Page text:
Classical CD Reissues, Part 2 June 2003
MAHLER: Das Lied von der Erde
Julius Patzak, tenor
Kathleen Ferrier, contralto
Bruno Walter conducts Vienna Philharmonic
TAHRA TAH 482 61:11 (Distrib. Harmonia Mundi):
Subtitled "In Mermoriam K. Ferrier," this lovely reissue captures the live concert from May 17, 1952, the performance contracted by Decca with permission from CBS (who owned Bruno Walter's recording rights) for the LP inscription of Das Lied von der Erde. Kathleen Ferrier (1912-1953) was already severely ill with the cancer that would claim her life October 8, 1953, so her participation in the last-movement Abschied is miraculous on a more-than musical level. While Julius Patzak suffers some vocal strain, and the orchestral ensemble gets occasionally ragged, the intensity and pathos Patzak and Walter generate in the opening Drinking Song of Earth's Woe is virtually an hysterical reaction to the detachment of Bethge's translation, "Dark is life; dark is death." The close miking reveals the wonders of Mahler's delicate orchestration, in oboe, harp, clarinet, and flutter-tongue flute, not to mention the exotic, chromatic and pentatonic harmonies that enrich the symphonic fabric.
Too ill to accept Karajan's offer of Brangaene at Bayreuth, Ferrier retired from music after recording Four Songs of Rueckert with Walter. Walter himself would say farewell to the Vienna Philharmonic only eight years later, with Mahler's Fourth Symphony. Placed side by side with the commerical inscription this team made, the concert makes an elegant, valedictory companion to one of the most satisfying accounts of this music ever to grace the catalogue. [For a more recent Das Lied see this months Hi-Res section.]
GOUNOD: Messe Solennelle de St. Cecile; Petite symphonie - Lorengar/Hoppe/Crass/Rene Duclos Choirs/Orch. De la Societe des Concerts du Conservatoire/Jean-Claude Hartemann; (In sym.:) Halle Orch./Sir John Barbirolli - EMI Classics 5 74730 2:
These remastered classics date from l963 and 1958 respectively. I may be wrong on this, but they strike me as the sort of fine recordings that those of us longer in the tooth recall as among the great LPs that probably will never see the light of CD. But now they have. The digital remastering is excellent, with good preservation of the rich acoustics of the church in which the recording was made. Like many opera composers Gounod also wrote sacred music, and his mass for the saint of music abounds in lovely, almost operatic melody - some of which will sound familiar even to those who hear the work for the first time. It some ways it is akin to Verdis Requiem in its often dramatic nature, with some fine solos for the soprano, tenor and bass against the large chorus and orchestra. The Small Symphony for wind instruments is an obscure but also lovely work which continues the melodic mode of the composer.
- John Sunier
Charles Munch conducts = SAINT-SAENS: La Princess Jaune Overture/BEETHOVEN: Symphony No. 9 in D Minor, Op. 125 "Choral"/BERLIOZ: Le Corsaire Overture, Op. 21/MENDELSSOHN: Scherzo from Octet, Op. 20/BIZET: Symphony in C Major/MARTINU: Symphony No. 6/PROKOFIEV: Excerpts from Romeo and Juliet
Leontyne Price, soprano; Maureen Forrester, contralto; David Poleri, tenor; Giorgio Tozzi, bass
Boston Symphony Orchestra/Munch; Paris Conservatory Orchestra (Berlioz); French National Radio Symphony (Bizet)
EMI "Great Conductors of the 20th Century" 77:23; 79:04:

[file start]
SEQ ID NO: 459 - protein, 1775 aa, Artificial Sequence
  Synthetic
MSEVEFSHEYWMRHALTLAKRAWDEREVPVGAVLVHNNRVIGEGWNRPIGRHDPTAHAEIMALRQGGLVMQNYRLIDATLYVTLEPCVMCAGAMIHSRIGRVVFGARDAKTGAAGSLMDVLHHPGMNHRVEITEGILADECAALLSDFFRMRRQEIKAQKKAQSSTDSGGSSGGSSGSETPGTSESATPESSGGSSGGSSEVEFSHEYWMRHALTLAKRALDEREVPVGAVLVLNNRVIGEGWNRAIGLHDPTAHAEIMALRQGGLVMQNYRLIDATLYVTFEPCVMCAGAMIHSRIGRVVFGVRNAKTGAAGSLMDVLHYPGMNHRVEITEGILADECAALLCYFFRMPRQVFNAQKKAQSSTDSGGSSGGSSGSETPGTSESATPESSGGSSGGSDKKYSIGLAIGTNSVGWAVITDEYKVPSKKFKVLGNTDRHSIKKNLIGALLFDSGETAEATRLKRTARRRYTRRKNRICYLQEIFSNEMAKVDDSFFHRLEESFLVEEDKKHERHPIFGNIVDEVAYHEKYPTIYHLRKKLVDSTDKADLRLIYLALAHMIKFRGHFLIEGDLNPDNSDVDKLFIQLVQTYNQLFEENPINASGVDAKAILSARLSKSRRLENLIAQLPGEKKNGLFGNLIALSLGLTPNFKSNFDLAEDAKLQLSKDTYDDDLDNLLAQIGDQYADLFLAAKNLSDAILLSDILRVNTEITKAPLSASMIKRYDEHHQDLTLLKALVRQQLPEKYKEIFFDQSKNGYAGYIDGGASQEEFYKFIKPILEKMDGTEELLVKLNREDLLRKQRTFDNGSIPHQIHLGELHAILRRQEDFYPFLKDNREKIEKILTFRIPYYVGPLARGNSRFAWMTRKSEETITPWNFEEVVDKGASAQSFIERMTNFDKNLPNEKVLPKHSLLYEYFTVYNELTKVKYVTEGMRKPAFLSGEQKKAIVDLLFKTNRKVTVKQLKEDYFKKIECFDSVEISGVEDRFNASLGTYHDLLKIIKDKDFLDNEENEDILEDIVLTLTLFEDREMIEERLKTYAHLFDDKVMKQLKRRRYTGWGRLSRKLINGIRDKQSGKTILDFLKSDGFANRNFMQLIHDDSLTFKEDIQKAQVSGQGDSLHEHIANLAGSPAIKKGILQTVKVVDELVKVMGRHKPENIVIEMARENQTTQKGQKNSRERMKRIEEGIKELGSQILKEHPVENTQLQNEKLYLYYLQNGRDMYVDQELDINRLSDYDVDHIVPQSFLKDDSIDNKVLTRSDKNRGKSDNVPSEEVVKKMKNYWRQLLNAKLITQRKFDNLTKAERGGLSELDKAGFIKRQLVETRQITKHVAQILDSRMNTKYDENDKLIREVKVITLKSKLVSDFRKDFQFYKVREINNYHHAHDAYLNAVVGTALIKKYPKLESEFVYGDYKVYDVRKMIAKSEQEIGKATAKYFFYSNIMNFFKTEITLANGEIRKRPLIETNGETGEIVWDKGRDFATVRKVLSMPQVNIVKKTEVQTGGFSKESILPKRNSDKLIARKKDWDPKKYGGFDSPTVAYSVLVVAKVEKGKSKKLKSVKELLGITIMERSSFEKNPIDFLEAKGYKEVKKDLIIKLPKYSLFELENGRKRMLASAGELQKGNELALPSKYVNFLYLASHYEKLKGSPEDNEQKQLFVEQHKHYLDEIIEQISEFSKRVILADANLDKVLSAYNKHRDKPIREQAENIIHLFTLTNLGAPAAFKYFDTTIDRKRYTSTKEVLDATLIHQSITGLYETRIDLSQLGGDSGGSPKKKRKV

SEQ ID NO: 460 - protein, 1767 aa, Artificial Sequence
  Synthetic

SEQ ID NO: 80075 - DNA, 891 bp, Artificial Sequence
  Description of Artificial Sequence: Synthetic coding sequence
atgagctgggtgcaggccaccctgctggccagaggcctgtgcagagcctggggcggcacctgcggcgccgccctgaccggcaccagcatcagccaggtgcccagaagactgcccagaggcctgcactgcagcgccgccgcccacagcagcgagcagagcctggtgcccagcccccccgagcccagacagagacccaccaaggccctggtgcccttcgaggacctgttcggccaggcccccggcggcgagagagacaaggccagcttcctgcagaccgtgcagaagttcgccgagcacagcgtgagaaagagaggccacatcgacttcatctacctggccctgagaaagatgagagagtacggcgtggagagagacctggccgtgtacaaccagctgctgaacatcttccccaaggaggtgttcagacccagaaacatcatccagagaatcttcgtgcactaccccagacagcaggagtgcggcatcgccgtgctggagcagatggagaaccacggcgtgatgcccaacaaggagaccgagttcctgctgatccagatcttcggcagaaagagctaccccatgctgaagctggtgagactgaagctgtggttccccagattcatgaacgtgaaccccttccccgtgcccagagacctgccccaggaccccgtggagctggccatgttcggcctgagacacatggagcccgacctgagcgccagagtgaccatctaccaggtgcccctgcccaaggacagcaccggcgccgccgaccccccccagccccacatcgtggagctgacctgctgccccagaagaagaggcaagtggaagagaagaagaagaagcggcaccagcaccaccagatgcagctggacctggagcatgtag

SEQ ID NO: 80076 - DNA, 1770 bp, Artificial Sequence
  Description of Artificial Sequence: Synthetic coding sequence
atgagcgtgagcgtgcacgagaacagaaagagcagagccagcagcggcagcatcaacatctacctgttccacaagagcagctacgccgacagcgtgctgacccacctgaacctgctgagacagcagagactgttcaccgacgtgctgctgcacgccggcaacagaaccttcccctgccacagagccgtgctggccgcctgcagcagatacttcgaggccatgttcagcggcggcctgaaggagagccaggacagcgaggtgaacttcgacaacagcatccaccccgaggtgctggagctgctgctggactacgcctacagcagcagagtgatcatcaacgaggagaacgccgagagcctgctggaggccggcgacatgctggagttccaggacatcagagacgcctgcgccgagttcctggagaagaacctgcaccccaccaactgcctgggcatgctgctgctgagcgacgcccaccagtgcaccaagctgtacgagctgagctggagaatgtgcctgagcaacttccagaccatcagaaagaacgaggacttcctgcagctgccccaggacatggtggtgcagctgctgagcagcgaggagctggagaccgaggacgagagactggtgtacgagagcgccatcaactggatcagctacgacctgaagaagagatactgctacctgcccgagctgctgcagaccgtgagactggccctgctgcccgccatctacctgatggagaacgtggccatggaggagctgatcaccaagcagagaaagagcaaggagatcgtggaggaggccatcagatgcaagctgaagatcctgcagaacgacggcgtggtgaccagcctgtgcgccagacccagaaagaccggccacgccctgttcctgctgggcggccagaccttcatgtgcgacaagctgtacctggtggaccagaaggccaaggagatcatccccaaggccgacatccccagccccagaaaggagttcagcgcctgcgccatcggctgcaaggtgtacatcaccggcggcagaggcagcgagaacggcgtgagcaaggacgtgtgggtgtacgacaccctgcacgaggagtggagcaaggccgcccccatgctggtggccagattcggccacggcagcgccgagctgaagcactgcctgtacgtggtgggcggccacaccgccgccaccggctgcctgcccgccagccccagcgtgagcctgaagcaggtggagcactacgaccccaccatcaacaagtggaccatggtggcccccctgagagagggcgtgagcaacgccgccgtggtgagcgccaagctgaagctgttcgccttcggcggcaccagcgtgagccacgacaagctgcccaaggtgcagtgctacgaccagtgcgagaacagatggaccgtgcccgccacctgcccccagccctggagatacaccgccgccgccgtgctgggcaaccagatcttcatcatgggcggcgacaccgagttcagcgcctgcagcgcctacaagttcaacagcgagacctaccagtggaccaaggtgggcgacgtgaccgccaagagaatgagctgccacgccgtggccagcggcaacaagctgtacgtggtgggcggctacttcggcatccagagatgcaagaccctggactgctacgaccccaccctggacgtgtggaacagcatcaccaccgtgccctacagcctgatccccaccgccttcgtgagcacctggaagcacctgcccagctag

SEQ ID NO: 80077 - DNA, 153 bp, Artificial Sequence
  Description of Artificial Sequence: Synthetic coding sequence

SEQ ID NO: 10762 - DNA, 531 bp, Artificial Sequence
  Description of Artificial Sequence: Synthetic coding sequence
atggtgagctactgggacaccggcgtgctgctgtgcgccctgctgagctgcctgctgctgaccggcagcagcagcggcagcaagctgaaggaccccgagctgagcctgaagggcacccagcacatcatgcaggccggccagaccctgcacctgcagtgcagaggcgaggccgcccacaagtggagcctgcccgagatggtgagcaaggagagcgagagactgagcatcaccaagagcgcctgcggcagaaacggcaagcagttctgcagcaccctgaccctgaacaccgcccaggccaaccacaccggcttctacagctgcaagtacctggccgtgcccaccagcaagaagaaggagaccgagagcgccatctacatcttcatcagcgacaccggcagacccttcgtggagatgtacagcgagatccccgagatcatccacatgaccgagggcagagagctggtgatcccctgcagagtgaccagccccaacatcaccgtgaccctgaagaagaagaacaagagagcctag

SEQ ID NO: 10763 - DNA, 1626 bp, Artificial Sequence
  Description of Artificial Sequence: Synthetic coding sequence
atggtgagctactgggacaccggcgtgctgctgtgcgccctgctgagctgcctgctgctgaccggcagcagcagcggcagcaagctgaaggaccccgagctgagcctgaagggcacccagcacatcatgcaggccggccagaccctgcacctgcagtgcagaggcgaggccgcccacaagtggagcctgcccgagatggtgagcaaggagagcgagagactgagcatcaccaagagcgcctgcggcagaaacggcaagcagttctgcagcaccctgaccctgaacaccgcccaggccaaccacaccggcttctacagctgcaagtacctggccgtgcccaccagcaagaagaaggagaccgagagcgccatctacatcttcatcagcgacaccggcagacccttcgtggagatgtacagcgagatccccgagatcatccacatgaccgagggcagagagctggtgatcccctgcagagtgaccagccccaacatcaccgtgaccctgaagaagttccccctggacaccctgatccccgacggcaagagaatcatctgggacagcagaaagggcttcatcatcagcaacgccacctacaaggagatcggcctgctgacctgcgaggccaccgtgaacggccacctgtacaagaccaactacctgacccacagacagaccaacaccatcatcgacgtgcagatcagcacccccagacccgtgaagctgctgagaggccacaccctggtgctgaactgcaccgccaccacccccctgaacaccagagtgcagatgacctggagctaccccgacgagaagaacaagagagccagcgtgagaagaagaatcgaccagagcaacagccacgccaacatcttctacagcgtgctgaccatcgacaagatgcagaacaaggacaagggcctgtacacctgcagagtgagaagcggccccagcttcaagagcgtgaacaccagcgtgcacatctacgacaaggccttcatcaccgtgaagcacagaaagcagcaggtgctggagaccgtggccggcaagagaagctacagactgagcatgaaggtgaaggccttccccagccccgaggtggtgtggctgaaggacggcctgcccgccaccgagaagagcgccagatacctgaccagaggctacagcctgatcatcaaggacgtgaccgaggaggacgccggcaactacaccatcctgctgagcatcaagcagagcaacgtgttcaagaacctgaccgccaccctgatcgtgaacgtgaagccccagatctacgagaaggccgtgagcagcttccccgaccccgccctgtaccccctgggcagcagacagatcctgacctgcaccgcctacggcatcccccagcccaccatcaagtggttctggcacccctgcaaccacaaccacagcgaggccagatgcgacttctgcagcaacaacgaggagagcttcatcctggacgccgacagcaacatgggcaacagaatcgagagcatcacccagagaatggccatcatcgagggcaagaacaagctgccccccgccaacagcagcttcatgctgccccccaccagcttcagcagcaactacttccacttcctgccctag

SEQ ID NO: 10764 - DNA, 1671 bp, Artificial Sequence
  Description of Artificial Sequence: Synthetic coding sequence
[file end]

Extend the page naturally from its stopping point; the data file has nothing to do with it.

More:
I recall my old music professor, Phil Freidheim's recounting a Charles Munch (1891-1968) concert at Tanglewood: "It was the Brahms D Major Symphony, and Munch had the last movement going, so fluid, so vital, that one audience member stood up, started conducting along with Munch, finished on the beat, and collapsed back into the seats." Charles Munch had that kind of charisma, a spontaneity and urgency in his music making, that could be totally infectious. The first piece of this collation, the 1951 record of Saint-Saens' La Princesse Jeune, was an RCA LP (LM 1700) especially dear to me; and now that this colorful overture is on CD, we have every bit of Saint-Saens that Munch commercially inscribed.
Munch was happy in the recording studio, where his penchant for spontaneity was restrained in the service of history and musical posterity. The 1958 Beethoven Ninth assembled a stellar vocal ensemble, along with a hard-driving vision of the music, with extremely precise choirs from the BSO, which Munch had taken from Koussevitzky, only to refine further its discipline and expand its adventurous repertory. One of the results of Munch's penchant for new material was the 75th Anniversary commission to Martinu for his Fantasies symphoniques of 1955, which Munch recorded in April of 1956. It is hard to characterize Martinu's music; it is not melodic (i.e., whistleable), but it has periods of elastic rhythm and melody, dissonance and huge pedal points, kind of a Slavic Bruckner with a modern, harmonic syntax.
The oldest recording is the lithe,1948 Berlioz Corsaire with the Paris Conservatory, coming at a fertile period in Munch's discography, with a fine Ravel Daphnis inscribed at the same time. The Bizet Symphony is supple and exalted, with Munch's taking it with repeats that expand its lyricism a few moments longer than his BSO and RPO versions. I was quite fond of Munch's eleven excerpts from Prokofiev's Romeo and Juliet: we are given four of the episodes, with some glorious oboe, flute, and string playing. I am a bit puzzled why EMI did not extend the Munch retrospective to include any of his New York Philharmonic records; but the little Scherzo from Mendelssohn's Octet has enough shimmer and aerial virtuosity to carry the torch for this conductor's ever-infectious talents.
Pierre Monteux conducts = BEETHOVEN: Symphony No. 2 in D, Op. 36/WAGNER: Tristan und Isolde: Prelude and Love-Death/HINDEMITH: Mathis der Maler/DEBUSSY: 3 Nocturnes/TCHAIKOVSKY: Excerpts from The Sleeping Beauty/LISLE: La Marseillaise